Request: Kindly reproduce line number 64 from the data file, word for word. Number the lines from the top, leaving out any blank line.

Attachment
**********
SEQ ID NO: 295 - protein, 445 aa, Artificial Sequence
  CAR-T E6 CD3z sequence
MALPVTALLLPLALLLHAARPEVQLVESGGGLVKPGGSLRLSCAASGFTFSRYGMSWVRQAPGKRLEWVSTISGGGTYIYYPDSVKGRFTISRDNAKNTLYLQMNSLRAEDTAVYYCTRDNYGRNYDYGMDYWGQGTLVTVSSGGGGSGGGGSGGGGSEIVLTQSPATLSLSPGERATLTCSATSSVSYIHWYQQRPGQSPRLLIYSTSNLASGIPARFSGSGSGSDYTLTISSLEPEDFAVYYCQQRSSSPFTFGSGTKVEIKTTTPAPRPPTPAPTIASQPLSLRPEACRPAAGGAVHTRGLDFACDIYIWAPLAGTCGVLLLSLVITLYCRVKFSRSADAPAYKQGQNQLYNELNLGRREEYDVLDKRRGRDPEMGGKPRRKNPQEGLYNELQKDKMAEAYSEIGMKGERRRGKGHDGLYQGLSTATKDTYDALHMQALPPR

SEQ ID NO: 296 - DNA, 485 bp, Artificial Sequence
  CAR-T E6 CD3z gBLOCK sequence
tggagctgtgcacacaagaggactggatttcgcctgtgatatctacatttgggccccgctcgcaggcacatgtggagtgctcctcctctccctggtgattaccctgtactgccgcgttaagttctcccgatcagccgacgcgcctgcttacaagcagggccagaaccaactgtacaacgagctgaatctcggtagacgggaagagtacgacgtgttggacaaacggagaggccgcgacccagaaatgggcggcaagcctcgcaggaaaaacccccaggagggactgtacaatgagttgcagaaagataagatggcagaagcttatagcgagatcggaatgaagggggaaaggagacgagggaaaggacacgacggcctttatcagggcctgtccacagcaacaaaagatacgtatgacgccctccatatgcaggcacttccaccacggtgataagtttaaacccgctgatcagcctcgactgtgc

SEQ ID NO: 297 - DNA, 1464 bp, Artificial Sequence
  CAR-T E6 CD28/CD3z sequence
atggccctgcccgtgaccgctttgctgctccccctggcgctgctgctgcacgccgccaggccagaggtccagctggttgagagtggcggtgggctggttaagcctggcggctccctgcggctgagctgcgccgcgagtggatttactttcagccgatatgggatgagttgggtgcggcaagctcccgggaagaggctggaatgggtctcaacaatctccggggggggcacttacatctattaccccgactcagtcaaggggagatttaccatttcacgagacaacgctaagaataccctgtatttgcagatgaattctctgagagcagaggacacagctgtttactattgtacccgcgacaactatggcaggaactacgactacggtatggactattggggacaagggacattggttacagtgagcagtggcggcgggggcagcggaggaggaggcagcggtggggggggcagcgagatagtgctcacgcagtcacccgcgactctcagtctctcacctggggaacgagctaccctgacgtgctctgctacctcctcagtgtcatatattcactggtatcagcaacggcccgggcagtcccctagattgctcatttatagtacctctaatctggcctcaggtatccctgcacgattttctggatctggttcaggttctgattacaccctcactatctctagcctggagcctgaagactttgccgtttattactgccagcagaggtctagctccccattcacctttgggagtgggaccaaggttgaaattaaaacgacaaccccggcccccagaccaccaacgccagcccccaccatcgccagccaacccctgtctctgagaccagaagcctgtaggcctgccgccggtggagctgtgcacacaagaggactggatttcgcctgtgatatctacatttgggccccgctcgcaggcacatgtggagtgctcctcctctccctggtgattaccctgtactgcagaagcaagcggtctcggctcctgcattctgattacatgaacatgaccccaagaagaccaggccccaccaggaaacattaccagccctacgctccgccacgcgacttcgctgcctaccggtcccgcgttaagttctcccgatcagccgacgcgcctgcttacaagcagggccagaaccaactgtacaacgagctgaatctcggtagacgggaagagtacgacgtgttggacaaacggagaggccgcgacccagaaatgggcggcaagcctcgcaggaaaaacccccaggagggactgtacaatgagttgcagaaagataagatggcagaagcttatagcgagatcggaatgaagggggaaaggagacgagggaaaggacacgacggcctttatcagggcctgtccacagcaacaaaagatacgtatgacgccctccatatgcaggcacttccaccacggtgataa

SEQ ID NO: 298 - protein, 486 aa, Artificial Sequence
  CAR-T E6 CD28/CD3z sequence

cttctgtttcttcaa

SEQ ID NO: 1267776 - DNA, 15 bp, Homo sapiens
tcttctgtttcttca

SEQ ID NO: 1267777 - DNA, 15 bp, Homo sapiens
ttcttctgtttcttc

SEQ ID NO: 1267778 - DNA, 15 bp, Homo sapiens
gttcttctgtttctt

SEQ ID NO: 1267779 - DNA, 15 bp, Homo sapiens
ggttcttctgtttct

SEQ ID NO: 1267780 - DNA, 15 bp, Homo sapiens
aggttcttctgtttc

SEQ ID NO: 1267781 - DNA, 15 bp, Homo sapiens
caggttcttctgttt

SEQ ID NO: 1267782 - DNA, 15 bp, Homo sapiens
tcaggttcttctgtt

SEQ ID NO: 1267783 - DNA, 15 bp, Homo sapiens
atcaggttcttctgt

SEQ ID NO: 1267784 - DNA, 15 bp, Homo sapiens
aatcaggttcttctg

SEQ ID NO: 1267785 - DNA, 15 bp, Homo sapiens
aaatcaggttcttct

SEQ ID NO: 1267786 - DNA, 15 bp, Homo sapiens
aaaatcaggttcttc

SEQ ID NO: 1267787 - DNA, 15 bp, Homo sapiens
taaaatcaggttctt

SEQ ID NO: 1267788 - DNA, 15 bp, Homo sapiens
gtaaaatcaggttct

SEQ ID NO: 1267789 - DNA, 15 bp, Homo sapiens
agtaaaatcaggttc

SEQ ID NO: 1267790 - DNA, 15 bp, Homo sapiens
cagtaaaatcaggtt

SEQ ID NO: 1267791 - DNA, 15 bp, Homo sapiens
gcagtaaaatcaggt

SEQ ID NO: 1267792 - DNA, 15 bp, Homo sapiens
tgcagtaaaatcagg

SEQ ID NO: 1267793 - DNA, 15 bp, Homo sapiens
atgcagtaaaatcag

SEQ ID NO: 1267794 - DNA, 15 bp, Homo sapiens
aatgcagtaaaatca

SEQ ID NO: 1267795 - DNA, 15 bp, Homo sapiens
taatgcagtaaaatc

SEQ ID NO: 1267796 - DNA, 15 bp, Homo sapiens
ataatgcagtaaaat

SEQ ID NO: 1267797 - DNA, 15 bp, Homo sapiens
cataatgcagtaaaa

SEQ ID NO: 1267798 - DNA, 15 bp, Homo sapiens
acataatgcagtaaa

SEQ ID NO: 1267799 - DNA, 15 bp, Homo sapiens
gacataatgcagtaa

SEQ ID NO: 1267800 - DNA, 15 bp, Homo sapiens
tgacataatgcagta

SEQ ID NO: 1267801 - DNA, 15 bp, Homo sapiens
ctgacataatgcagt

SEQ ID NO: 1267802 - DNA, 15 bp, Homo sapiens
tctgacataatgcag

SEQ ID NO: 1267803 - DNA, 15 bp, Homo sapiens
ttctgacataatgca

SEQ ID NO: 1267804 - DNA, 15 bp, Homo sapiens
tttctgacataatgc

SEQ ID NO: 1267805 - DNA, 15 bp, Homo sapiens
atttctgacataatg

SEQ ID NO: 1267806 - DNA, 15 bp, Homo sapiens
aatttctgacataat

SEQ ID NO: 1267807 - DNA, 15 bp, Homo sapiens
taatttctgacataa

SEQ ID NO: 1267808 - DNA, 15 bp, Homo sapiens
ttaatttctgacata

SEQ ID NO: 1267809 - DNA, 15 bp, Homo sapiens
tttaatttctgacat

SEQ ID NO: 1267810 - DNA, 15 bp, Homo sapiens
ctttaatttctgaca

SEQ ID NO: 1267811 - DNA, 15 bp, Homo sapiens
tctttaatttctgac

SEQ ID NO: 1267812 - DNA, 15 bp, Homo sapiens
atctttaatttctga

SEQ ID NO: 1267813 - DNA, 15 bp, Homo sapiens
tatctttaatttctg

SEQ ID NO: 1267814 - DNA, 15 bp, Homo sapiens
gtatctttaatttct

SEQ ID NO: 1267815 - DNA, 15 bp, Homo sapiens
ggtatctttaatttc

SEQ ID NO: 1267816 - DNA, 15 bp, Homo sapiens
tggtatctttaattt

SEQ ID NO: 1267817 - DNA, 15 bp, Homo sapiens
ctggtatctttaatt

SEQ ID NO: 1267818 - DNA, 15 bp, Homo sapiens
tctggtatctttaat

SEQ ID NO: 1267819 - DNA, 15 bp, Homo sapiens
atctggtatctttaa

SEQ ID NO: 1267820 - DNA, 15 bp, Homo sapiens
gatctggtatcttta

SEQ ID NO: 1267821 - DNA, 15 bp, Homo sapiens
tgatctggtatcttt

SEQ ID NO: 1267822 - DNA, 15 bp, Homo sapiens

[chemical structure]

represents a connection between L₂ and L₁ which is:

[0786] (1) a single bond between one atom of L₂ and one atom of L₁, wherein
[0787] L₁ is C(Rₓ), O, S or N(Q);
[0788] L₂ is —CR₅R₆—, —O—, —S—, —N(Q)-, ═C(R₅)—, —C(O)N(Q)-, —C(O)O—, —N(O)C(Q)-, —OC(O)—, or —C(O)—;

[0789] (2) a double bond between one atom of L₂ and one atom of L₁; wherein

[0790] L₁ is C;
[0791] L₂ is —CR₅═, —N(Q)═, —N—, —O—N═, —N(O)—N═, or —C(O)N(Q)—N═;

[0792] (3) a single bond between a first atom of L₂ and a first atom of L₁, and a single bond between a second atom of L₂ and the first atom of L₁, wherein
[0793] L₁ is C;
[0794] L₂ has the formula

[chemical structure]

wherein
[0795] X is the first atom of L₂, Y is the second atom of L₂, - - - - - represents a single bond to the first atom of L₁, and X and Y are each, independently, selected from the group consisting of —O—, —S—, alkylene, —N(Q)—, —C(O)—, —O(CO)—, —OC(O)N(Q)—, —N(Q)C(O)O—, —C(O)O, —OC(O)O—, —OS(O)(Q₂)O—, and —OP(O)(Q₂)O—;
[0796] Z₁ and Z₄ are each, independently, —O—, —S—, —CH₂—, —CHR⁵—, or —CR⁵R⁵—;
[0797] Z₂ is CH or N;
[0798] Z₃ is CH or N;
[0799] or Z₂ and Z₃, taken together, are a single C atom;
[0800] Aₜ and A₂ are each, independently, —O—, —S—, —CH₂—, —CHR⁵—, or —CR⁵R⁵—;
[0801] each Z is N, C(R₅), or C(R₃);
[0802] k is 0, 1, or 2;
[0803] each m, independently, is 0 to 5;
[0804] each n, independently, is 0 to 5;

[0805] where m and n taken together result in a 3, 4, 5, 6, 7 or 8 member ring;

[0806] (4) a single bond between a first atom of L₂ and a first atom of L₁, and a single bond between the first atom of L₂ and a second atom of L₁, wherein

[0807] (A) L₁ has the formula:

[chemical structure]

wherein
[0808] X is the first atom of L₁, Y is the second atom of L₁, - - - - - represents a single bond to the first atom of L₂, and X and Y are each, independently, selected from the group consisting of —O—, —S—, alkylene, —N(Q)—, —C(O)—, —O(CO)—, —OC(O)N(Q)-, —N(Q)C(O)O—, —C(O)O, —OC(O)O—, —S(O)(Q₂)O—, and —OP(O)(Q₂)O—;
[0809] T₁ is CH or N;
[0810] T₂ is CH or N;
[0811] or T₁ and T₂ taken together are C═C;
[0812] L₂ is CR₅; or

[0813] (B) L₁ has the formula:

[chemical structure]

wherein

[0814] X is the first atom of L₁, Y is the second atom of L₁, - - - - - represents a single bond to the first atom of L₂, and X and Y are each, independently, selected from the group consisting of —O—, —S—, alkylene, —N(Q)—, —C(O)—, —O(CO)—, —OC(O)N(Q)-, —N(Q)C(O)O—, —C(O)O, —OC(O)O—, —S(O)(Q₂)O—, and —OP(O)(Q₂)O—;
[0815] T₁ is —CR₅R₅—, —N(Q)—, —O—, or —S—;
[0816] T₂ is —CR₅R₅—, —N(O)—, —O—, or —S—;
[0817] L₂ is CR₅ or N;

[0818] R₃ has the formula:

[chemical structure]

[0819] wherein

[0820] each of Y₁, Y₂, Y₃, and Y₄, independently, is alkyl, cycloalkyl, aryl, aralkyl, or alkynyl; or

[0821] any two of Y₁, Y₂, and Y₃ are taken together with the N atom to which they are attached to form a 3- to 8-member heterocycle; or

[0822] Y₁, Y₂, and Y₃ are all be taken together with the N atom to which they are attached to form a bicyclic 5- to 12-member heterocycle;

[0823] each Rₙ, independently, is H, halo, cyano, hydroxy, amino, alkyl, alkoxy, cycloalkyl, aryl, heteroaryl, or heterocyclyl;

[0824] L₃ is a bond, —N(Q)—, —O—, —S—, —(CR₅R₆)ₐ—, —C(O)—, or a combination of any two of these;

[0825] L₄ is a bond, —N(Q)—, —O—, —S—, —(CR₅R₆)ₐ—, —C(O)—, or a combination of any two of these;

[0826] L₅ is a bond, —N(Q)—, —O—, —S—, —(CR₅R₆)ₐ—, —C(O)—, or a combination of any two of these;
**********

ctgacataatgcagt